MBI News, Seminars
The Department of Microbiology and Immunology expands training for students with Industrial Career Interest
The department is actively engaged in promoting research internships and co-op opportunities within pharmaceutical companies for students who are considering an industrial career. Approved companies include Pfizer, Merck, Novartis, and others providing local, regional and global research training opportunities.
James Roger Christensen, Ph.D. Emeritus Professor and Past Chair of Microbiology and Immunology Dies
Dr. James Roger Christensen passed away suddenly at his home in Colorado Springs on March 17, 2014, at the age of 88. Dr. Christensen started at the University of Rochester September 1, 1955 and became Professor Emeritus July 1, 1990. He was the Chair of Microbiology and Immunology 1982-1984.
On behalf of the Department of Microbiology and Immunology, our deepest condolences go out to Dr. Christensen’s family and friends.
Rochester Researchers Receive $3 Million to Study Flu
Researchers at the University of Rochester School of Medicine and Dentistry were awarded approximately $3 million from the National Institute of Allergy and Infectious Diseases (NIAID) at the National Institutes of Health to continue the work being performed by the New York Influenza Center of Excellence (NYICE).
Researchers Awarded $3.5 Million in NYS Stem Cell Grants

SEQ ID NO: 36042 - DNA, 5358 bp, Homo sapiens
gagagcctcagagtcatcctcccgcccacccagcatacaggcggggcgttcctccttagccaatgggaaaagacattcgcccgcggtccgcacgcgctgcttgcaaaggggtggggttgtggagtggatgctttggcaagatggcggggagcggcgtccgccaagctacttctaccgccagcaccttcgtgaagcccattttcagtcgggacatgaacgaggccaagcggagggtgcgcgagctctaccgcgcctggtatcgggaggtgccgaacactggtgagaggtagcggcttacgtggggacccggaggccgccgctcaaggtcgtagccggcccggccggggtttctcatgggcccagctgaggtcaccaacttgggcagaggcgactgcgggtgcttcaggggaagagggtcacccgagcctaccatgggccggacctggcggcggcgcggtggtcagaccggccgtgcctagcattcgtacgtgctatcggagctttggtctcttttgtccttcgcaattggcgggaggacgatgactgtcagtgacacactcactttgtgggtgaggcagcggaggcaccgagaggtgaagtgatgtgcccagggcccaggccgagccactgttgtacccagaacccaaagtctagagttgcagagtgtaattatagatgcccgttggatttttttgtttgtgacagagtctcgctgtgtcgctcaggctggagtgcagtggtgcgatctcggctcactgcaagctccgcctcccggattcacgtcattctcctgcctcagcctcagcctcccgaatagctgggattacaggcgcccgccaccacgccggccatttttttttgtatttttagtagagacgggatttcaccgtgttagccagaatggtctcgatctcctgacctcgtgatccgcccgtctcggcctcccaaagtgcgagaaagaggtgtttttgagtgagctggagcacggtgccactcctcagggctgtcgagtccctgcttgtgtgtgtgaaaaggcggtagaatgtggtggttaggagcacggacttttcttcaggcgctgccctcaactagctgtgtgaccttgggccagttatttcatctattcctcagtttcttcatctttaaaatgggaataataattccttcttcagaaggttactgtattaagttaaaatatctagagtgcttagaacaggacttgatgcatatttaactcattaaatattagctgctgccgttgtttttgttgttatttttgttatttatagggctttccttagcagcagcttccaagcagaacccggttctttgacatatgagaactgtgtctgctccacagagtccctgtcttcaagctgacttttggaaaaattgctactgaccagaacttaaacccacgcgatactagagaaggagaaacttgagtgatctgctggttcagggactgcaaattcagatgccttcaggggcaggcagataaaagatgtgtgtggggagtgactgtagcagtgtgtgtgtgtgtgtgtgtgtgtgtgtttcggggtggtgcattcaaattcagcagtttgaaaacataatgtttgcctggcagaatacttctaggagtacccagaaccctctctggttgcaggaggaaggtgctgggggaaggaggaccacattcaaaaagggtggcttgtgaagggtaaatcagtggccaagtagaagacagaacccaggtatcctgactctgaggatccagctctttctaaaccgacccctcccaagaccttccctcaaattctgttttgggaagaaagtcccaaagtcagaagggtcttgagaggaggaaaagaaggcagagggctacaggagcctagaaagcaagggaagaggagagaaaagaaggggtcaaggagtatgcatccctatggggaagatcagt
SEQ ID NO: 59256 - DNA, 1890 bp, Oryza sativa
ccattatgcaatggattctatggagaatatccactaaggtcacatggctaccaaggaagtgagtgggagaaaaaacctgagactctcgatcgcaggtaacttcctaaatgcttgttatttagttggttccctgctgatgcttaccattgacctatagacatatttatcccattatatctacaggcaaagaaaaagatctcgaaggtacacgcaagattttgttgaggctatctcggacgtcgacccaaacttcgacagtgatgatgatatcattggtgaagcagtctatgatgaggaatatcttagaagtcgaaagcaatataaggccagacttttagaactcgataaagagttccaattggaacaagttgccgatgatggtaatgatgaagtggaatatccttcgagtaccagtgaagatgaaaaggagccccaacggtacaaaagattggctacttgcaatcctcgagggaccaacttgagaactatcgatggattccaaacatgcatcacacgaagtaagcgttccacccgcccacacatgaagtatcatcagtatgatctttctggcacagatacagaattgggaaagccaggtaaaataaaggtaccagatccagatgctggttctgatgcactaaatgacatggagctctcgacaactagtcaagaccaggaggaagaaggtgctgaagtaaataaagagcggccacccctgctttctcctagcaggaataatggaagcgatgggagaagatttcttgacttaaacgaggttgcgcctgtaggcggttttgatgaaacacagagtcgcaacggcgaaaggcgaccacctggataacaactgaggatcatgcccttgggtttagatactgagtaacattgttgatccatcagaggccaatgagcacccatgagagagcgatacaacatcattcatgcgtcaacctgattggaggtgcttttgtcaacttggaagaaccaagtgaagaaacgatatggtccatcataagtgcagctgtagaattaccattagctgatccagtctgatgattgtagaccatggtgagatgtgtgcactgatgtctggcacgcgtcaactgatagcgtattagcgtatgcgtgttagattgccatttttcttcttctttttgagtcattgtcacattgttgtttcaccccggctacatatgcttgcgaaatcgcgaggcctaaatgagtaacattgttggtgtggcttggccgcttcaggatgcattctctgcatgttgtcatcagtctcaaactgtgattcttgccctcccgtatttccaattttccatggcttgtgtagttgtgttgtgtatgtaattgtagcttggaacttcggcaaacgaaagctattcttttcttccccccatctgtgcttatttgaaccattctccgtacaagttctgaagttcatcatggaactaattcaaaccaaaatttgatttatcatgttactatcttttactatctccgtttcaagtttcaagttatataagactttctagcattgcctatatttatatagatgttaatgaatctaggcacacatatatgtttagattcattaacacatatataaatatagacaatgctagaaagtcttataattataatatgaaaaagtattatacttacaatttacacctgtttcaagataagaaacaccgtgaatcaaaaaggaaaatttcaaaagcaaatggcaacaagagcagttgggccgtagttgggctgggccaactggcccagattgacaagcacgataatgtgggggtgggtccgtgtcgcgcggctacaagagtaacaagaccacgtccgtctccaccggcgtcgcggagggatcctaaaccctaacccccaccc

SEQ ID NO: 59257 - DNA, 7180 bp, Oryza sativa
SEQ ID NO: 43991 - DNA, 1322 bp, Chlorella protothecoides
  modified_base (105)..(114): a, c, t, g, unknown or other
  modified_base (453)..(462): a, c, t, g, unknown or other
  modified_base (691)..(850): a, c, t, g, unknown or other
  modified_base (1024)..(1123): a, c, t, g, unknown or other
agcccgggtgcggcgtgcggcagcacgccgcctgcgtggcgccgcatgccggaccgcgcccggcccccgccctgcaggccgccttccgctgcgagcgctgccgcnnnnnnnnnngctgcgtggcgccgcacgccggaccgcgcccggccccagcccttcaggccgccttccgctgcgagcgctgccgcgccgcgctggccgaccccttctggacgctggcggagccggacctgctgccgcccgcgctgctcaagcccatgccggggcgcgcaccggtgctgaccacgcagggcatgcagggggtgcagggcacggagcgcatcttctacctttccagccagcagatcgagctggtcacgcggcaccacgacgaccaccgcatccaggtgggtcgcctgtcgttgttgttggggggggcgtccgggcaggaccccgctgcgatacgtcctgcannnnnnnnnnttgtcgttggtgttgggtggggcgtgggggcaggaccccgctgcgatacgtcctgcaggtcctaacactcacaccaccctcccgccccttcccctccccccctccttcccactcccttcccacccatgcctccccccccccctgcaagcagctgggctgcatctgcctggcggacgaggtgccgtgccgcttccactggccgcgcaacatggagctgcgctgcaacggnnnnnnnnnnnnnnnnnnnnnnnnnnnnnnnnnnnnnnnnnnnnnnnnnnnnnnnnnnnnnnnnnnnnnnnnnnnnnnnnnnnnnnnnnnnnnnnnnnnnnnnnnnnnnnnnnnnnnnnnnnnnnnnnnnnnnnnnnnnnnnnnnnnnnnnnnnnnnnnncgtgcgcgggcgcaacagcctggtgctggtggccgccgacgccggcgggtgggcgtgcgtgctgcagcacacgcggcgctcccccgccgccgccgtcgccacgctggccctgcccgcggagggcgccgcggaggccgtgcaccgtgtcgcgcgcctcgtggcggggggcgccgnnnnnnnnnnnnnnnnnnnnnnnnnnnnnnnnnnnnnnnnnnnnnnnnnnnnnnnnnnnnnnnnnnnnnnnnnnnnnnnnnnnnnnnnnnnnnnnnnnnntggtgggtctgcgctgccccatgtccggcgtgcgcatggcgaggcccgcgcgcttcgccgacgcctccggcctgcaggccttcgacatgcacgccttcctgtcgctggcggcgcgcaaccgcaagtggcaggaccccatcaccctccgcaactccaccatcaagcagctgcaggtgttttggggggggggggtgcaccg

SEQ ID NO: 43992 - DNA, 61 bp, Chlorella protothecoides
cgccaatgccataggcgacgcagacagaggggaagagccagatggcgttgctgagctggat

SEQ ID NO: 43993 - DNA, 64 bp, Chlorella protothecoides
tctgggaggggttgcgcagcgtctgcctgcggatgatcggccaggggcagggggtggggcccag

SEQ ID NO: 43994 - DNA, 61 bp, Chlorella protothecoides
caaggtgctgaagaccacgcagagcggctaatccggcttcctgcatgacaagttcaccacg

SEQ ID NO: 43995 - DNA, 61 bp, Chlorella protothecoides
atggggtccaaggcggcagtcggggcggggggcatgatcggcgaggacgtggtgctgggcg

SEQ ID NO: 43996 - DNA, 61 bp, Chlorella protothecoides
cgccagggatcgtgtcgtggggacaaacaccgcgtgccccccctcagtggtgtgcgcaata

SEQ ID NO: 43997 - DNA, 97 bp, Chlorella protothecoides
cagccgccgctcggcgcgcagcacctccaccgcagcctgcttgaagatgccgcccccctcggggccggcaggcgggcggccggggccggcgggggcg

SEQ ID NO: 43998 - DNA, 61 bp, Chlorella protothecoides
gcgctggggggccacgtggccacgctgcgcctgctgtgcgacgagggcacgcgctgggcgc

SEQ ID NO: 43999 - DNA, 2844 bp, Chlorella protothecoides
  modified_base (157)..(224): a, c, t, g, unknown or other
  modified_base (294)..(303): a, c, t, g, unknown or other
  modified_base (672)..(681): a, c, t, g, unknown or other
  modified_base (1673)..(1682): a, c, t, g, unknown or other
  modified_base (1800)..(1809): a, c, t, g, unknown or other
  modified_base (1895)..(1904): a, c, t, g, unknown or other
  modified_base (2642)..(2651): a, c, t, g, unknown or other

Six scientists from the University of Rochester School of Medicine and Dentistry have been recommended awards of more than $3.5 million by NYSTEM. The grants are for a wide range of research programs in the fields of neurological disorders, bone growth and repair, and cancer.
Monday, April 21, 2013 from 12:00 Noon – 1:00 PM in Ryan Case Method Room (Room 1-9576)
Title: "The JCVI Design-Build-Test Cycle for Synthetic Cells"
Host: Steven Gill
Research Interests and Accomplishments: Hutchison is Distinguished Investigator at the J. Craig Venter Institute in San Diego, California, where he is a member of the Synthetic Biology Group headed by Hamilton Smith. He is also Chair of the Scientific Advisory Board of Synthetic Genomics, Inc. In 1995 he was elected to membership in the National Academy of Sciences. - See more at: http://www.jcvi.org/cms/about/bios/chutchison?em_x=22#sthash.vEmIuhxs.dpuf
Monday, April 28, 2014 from 12:00 Noon – 1:00 PM in Whipple Auditorium (Room 2-6424)
Abraham K. Sonenshein, Ph.D., Professor of Molecular Biology and Microbiology, Sackler School of Graduate Biomedical Sciences, Tufts University
Title: Integration of Metabolism and Virulence in Gram-Positive Bacteria
Host: José Lemos
Seminar Abstract: Intracellular metabolism is a complex network of intersecting reactions in all living things. In Gram-positive bacteria, the CodY protein is a major integrator of diverse metabolic pathways and regulatory schemes, helping the cell to turn many pathways on or off in response to the intracellular pools of four metabolites, the three branched-chain amino acids (BCAAs; isoleucine, leucine and valine) and GTP. In pathogenic Gram-positive bacteria, CodY is also a major regulator of virulence genes. Depending on the organism and the role of a specific virulence gene product, CodY, may act as either a negative or a positive regulator and may either inhibit or stimulate pathogenesis. This property of CodY links pathogenesis in an important way to the physiological state of the cell by tying the bacterium’s decision to cause damage to the host to the pools of just a few key metabolites.http://sackler.tufts.edu/Faculty-and-Research/Faculty-Profiles/Abraham-L-Sonenshein-Profile